I know that writer’s like me couldn’t do it without you. How amazing is it, that by taking something we love and applying our own creativity to it, we are able to create new stories from old and we can embellish while maintaining the integrity of the original works? Man, I love this job.

About C. L. Foltermann (7 Articles)
C. L. Foltermann is the holder of a Bachelor’s of Psychology from Old Dominion University and has been crafting fanfiction online since 2009. Currently, she works at a preschool full time and runs CynFol Adventures, a blog about her adventures in Maine.

5 Comments on Five Psychological Benefits of Writing Fanfiction

  1. I too was in love with Yu Yu Hakusho it was my first major anime I followed religiously. I would actually go every month and buy the uncut DVDs as they were released here in the states. Hiei was, and remains one of my favorite characters from the series. And thanks for an amazing article!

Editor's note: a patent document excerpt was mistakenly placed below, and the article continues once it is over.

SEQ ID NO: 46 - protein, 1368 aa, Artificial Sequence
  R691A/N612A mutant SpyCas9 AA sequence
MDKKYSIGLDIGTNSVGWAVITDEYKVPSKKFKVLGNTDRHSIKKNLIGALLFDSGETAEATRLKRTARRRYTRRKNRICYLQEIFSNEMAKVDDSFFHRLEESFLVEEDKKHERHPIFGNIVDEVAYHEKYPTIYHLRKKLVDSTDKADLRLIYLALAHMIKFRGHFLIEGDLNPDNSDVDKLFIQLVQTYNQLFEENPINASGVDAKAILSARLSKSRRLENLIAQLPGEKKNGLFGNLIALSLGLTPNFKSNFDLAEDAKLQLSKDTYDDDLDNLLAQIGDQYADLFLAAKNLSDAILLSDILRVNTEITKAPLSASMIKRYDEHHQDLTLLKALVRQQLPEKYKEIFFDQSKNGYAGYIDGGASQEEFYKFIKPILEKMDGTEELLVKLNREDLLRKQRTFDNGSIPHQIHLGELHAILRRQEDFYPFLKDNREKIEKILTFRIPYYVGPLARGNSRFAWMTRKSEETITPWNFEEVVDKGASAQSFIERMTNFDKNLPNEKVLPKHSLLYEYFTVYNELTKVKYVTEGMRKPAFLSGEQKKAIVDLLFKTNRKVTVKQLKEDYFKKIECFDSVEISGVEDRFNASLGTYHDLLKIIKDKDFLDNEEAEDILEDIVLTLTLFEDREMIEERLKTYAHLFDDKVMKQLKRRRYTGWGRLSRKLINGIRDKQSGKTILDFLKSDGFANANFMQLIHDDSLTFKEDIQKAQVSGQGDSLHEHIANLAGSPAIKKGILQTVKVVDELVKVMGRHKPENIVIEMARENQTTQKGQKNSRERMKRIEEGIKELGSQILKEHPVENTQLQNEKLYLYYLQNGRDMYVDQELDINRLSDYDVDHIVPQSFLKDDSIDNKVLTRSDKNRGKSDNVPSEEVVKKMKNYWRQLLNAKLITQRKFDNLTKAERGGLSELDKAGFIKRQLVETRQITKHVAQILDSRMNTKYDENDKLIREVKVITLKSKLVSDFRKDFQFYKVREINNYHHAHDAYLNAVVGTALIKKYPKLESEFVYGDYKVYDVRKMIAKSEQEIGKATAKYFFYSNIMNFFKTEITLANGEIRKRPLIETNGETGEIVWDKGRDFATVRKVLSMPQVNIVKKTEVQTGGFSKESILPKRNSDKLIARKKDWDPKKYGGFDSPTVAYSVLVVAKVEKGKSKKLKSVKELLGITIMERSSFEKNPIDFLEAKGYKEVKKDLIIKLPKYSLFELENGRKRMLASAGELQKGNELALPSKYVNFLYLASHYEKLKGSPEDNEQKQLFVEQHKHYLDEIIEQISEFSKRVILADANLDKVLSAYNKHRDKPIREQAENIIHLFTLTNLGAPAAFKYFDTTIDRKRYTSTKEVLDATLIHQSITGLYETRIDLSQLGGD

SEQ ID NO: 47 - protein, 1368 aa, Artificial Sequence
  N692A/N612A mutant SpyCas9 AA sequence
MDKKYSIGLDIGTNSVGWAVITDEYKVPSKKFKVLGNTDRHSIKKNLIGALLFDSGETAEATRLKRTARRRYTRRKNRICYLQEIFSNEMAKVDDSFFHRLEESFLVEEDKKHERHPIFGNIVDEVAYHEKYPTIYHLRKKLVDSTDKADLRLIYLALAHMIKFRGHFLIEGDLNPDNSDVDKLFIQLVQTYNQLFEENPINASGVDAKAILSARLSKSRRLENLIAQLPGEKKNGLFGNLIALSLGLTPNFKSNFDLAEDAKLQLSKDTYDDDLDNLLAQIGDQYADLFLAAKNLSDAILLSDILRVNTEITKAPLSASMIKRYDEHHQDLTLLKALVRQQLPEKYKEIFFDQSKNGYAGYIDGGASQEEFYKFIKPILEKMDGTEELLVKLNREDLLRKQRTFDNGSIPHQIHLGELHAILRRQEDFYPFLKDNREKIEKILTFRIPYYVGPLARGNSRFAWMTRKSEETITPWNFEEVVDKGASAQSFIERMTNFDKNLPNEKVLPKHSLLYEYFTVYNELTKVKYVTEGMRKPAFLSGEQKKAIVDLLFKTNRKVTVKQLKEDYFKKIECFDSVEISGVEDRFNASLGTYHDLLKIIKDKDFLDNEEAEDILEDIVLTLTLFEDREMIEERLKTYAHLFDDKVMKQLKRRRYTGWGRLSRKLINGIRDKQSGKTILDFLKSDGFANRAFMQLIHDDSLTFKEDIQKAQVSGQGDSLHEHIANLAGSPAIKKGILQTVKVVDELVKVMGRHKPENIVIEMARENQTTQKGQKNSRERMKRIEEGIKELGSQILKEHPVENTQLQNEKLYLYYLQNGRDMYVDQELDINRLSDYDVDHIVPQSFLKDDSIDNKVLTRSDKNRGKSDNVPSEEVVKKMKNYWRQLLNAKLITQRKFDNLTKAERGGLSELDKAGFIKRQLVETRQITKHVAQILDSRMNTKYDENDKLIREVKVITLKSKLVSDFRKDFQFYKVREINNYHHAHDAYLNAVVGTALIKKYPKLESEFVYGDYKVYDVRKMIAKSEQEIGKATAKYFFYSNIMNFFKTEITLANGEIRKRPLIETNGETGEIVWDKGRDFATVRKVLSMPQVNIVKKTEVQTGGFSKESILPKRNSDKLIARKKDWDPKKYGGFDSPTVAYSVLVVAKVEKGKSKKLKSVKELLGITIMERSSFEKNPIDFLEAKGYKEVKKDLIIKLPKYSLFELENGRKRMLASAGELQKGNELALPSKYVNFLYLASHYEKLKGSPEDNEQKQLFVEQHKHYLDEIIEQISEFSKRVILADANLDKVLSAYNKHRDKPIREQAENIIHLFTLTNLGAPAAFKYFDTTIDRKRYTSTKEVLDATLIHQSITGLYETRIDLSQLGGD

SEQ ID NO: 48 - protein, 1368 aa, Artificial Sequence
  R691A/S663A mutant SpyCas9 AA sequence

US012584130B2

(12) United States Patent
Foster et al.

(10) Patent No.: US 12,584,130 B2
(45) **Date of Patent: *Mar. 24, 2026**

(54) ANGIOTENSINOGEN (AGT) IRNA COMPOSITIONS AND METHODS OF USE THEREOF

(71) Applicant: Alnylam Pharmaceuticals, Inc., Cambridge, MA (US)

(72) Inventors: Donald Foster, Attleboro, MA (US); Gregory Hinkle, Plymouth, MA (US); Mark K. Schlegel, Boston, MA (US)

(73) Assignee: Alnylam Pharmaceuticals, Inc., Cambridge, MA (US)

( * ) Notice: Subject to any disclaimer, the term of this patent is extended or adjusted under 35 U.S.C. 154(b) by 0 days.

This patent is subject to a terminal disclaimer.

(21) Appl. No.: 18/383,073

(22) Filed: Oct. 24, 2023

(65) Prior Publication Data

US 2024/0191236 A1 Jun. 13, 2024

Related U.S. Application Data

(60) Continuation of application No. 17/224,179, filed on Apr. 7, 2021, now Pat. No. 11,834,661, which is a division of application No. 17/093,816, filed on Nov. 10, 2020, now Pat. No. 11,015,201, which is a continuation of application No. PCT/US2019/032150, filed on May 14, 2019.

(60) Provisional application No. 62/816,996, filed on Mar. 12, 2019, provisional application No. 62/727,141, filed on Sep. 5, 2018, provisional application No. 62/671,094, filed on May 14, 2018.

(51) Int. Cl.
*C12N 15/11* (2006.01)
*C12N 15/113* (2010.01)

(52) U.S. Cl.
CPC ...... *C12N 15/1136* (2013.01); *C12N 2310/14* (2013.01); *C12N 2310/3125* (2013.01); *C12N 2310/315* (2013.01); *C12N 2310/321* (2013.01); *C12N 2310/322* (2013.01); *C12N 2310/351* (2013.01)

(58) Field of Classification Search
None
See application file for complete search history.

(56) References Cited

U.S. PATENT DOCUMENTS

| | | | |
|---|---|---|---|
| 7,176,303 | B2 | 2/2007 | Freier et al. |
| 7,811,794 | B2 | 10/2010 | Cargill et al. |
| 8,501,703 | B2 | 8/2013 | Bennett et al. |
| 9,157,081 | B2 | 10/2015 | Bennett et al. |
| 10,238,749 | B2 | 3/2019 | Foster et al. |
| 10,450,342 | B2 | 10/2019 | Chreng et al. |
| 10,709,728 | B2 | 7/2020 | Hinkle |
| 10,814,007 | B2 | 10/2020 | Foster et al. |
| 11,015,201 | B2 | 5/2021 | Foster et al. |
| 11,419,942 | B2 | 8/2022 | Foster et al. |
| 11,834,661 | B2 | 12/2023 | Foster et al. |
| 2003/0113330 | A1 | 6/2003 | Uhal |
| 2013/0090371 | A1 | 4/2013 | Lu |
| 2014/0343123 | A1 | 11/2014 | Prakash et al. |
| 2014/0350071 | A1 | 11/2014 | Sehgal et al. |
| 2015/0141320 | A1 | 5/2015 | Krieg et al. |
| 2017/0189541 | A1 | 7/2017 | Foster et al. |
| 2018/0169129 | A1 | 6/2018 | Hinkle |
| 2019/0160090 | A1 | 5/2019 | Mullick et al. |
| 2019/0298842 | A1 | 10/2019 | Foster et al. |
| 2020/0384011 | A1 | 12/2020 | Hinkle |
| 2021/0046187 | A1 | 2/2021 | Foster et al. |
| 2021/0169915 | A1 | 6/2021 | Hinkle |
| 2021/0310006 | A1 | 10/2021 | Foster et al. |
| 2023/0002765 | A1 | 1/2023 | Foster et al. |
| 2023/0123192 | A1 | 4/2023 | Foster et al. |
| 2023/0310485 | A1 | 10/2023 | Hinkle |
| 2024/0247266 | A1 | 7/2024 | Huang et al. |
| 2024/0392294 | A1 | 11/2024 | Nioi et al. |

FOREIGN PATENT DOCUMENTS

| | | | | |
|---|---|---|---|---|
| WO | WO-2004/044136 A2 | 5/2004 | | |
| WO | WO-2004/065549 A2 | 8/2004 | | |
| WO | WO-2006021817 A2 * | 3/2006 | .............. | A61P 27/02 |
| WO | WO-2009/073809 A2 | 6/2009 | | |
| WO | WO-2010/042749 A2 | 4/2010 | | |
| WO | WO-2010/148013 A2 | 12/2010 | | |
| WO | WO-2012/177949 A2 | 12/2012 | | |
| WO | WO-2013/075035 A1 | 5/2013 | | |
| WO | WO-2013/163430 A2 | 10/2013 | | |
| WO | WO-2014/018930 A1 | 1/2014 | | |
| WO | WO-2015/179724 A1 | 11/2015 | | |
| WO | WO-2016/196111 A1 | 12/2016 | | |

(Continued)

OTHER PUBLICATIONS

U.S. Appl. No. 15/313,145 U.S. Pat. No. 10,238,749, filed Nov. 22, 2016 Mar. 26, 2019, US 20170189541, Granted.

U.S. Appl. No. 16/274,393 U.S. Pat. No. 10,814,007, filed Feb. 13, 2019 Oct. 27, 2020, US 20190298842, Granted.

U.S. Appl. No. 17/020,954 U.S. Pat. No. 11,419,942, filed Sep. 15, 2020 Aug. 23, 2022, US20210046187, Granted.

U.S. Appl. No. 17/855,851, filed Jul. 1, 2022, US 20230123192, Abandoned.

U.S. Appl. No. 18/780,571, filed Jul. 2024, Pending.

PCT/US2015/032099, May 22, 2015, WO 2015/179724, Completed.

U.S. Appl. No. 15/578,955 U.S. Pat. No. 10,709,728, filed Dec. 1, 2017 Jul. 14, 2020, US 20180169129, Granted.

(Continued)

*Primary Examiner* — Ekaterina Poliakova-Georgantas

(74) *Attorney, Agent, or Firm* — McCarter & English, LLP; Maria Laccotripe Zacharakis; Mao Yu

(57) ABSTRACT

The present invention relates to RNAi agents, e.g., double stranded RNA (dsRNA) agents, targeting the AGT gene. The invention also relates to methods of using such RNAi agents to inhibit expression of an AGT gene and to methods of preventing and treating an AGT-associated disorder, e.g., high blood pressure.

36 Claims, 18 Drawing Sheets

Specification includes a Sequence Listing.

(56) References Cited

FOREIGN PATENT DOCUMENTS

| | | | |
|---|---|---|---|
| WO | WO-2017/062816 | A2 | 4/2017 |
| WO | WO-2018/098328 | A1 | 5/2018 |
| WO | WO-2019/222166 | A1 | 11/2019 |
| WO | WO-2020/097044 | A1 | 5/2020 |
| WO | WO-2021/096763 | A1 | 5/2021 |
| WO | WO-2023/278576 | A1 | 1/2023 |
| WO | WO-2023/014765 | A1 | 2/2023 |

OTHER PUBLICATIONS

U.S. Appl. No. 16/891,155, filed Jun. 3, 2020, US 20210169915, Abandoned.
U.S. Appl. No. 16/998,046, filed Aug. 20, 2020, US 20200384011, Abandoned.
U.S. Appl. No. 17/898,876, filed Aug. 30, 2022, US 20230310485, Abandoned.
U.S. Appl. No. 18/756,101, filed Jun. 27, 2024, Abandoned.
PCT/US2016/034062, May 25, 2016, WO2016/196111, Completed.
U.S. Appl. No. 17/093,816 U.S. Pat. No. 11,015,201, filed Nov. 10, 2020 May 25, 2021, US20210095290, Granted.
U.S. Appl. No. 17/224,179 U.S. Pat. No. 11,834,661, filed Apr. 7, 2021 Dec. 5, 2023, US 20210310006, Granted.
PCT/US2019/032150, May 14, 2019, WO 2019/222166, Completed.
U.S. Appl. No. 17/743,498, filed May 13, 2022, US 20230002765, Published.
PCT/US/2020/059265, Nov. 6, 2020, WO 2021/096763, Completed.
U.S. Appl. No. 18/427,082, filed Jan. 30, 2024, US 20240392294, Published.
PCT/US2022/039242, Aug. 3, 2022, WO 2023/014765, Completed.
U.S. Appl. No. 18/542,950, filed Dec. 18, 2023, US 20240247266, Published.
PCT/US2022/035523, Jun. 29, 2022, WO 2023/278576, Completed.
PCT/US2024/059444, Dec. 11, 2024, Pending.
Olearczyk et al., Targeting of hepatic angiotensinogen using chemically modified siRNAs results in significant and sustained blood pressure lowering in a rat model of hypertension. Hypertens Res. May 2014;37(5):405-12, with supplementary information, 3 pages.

2. That was beautiful. Your article might have just made me bookmark this site and revisit it later. Thank you for sharing this. It its very close to home. In fact, it lands right at my doorstep, and has given me a much needed boost to sit down and continue writing today, rather than feeling icky about what I do.

  3. Rachel Smith Cobleigh // October 30, 2015 at 11:12 am // Reply

    I love how relatable and true this whole article is! I was just nodding along with every point and smiling at the fun, conversational tone you took. A fun read, thanks!

  4. Oh, see….brilliant!

  5. Kimberly Holt // October 22, 2015 at 6:14 pm // Reply

    Great article!!! And very true lol look forward to reading many more of your articles!!!